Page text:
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10 Things Retailers Should Consider When Buying Wholesale Wine

Dec 3, 2018 12:26:00 PM / by Matthew Schrier


Here's a mind-blowing statistic: the average supermarket carries 5 products per category, except in the wine category, where supermarkets carry roughly 900 different products. Let that sink in for a moment; a consumer who wants to purchase eggs has five options, but a consumer wanting to purchase wine must choose from nearly one thousand different options.

 "...Research now shows that there can be too much choice; when there is, consumers are less likely to buy anything at all, and if they do buy, they are less satisfied with their selection."
Barry Schwartz, Harvard Business Review 

Since delighting customers should be the number one goal of every retailer, it may be time to re-evaluate your wine section. Here are the 10 things retailers should keep in mind when buying wholesale wine.

1) Deepen rather than diversify inventory

Identify which wines sell best and buy more of them. Customers want to walk away happy with their purchase, so offer them less choices in each price point/category, and carry more of the best selling wines. Customers will have a better experience in your store and be more pleased with their experience.

2) Look for products that fall in your price 'hot spots'

If you have a price range or 'hot spot' that sells best with your customers, then most of the wines you offer should fall within that range. For example, many retailers report their hot spot for wine is $9.99 per bottle. Look at your own data and find your hot spot.

3) Carry wines that earn the margins you deserve

When considering bringing in (or dropping) a wine, you need to factor in two different prices; the price you'll pay and the price your customers will pay. With all the available wines in today's market, you should be aiming to make >30% margins while still retailing at your price 'hot spots'. Having difficulty getting >30% margins on the wines from your distributors books? Consider using the Winery-Direct Model to purchase wines instead.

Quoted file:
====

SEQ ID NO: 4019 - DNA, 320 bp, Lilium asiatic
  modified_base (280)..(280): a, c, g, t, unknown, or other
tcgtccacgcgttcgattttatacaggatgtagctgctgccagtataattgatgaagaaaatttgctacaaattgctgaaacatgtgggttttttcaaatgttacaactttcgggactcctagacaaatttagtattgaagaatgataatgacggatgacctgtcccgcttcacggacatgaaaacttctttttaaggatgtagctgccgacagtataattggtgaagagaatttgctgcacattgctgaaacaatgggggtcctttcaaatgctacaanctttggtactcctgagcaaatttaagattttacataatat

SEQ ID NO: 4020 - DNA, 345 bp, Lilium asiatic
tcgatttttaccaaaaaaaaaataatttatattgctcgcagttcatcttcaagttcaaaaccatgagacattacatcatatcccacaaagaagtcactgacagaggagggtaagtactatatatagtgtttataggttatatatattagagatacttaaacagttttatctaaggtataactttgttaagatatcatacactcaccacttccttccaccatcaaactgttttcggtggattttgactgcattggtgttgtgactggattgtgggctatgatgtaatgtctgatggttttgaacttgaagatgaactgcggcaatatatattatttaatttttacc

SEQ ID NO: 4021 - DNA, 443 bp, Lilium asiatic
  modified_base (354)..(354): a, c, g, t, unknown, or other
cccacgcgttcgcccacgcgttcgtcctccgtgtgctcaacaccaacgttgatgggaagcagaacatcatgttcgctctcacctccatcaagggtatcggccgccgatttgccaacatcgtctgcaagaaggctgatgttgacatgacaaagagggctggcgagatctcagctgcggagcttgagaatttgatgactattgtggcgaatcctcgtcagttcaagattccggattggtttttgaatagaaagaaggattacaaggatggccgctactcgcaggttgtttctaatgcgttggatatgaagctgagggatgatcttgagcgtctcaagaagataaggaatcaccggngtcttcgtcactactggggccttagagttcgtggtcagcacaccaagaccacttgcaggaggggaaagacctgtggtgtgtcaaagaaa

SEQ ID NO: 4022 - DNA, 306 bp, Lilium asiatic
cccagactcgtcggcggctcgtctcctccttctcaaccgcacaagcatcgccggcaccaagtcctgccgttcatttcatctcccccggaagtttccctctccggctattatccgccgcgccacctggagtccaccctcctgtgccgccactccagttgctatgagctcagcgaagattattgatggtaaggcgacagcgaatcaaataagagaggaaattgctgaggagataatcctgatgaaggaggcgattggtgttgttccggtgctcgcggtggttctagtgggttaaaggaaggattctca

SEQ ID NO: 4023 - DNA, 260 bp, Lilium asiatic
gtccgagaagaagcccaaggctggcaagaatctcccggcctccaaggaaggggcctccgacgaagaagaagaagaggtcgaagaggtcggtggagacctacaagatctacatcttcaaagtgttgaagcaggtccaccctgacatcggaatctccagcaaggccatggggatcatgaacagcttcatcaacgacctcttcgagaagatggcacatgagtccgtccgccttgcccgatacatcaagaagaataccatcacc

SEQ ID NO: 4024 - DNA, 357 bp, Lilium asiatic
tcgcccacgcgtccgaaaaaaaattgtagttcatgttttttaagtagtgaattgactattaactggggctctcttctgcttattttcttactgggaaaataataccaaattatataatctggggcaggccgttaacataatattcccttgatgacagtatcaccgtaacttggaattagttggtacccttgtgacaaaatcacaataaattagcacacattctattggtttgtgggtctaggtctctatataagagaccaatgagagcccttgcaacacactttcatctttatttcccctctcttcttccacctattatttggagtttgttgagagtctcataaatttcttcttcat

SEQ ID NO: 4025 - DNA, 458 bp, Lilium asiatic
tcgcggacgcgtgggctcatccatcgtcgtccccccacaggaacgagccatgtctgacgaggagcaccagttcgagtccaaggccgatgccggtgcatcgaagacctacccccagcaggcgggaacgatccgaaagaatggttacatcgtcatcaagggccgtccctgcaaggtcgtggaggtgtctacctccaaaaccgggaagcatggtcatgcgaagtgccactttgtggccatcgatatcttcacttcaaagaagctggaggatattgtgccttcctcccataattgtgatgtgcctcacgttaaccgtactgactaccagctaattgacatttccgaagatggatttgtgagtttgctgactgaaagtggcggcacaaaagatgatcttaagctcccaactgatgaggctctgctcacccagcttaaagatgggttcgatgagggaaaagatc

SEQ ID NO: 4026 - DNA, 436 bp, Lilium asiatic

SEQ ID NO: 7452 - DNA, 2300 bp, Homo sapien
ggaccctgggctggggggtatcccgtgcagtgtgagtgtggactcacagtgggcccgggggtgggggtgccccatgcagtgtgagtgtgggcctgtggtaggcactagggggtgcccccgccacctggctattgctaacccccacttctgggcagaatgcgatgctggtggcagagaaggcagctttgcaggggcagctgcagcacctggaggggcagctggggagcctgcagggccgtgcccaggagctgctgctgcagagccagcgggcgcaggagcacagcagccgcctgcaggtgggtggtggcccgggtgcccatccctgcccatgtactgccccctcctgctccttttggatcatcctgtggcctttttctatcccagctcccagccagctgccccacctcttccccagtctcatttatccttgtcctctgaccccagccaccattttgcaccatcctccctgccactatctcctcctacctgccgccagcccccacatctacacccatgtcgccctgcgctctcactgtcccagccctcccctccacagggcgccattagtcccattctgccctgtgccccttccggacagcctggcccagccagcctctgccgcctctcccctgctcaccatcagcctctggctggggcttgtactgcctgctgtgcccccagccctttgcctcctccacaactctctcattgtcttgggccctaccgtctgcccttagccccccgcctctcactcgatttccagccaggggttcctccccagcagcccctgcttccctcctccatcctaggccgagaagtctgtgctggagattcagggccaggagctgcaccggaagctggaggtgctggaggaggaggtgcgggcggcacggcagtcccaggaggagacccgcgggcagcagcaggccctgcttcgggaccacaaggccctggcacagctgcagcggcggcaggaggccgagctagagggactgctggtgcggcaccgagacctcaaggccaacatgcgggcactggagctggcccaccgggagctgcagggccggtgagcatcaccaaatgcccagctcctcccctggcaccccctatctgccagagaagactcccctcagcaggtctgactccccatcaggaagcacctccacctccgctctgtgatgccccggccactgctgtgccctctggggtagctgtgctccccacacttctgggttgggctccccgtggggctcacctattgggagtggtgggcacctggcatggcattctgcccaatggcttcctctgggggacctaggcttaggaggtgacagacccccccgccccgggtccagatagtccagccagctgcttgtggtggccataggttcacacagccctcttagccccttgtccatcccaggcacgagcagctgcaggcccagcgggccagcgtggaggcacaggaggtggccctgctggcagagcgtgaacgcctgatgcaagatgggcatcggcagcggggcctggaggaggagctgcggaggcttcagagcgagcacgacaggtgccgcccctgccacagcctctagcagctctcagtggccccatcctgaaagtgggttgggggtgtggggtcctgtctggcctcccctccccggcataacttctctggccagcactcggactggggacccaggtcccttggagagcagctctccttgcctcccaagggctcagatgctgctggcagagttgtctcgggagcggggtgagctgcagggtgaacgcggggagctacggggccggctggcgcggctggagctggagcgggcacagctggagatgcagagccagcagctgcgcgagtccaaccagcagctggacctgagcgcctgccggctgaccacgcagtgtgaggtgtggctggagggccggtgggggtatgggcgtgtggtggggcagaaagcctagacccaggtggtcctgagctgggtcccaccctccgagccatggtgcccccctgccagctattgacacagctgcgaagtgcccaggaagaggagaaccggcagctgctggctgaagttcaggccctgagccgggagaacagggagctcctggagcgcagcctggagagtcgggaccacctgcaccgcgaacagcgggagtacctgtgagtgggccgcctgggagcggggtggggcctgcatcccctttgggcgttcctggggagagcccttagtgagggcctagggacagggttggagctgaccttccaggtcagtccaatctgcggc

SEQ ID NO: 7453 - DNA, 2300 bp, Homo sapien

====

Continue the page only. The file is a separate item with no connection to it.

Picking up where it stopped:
4) Limit customer price comparisons

Keep price comparison in mind. Think of your favorite wine; you probably know the ballpark price for how much it costs. If you went to a store and they were retailing it for $7 more per bottle than you know it sells for at other retailers, you might not buy it! Customers know the ballpark prices for all the major wine brands. However, what they don't know is how much a bottle of your *new, perfectly priced, brand exclusive wine* costs! Consider bringing on private label or brand exclusive wines. These products allow you to set 'blind' pricing; i.e. prices consumers can't compare at other locations.

whole fodos three wishes wines 2.jpgThree Wishes wine sold exclusively at Whole Foods Markets. Photo curtesy of Whole Foods

5) Bring in wines with clearly visible varietals

An often overlooked factor is varietal placement on the label. Many wine labels allow their brand name to take complete priority over the actual wine they're selling. Consumers shouldn't have to painstakingly search a label just to find the varietal. This is why top-selling wines list the varietal in large, clear print that's immediately identifiable.

6) Make sure labels are eye-catching

In a sea of labels, a product must stand out on the shelf. According to CF Napa, 80% of a wine purchase is done with the eyes. Sad, but true. You could have to best-tasting wine in the world, and if the packaging doesn't stand out, consumers aren't going to buy it. Bring in wines that have eye-catching labels.


Before and After: Making wine labels more eye-catching. Photos curtesy of CF Napa

7) Design should appeal to your customers' demographics

Knowing the demographic of your customers is key. A boutique wine shop in San Francisco will attract different customers than a grocery store in Illinois - and they'll be drawn to different kinds of packaging. If your customer base is millennial, chose wines with bright, modern design. If you work in a town of outdoorsy people, carry wines with outdoorsy labels! Playing up your customers' interests is essential to generating more sales.

8) Taste as your customer would

When assessing a wine, keep your customers in mind. You may hate sweet Moscatos, but if that's what your customers love, then taste Moscatos using your customers' palates! Understand what your customers prefer in terms of body, sweetness, acidity, etc., then sample wines with those ideas in mind.

9) Keep an eye out for flaws

Make sure that there are no obvious flaws in the wine. An (unintentional) funky smell, an off-putting color, or a damaged label are all factors that will turn off customers. Always make sure that a wine is representing itself how it was intended to be.

10) Promote for your customers, not your distributors

Above all else, consumers want ease and simplicity. They want to walk into to a store and instantly find the wine they're looking for, help them by promoting their favorite wines. Reserve eye-level shelf space, displays, and the cold box for products that sell best - rather than the products your distributors want to push. Simplify the experience for your customers and they'll be sure to return.

If any of these ideas resonated with you, we've created a helpful checklist to help organize your thoughts when buying wholesale wine in the future. You can download the Successful Wine Checklist here (it's free and always will be) or by clicking the button below! 

Download Successful Wine Checklist


Topics: Wine Wholesale Retailer Consumer Trends

Written by Matthew Schrier

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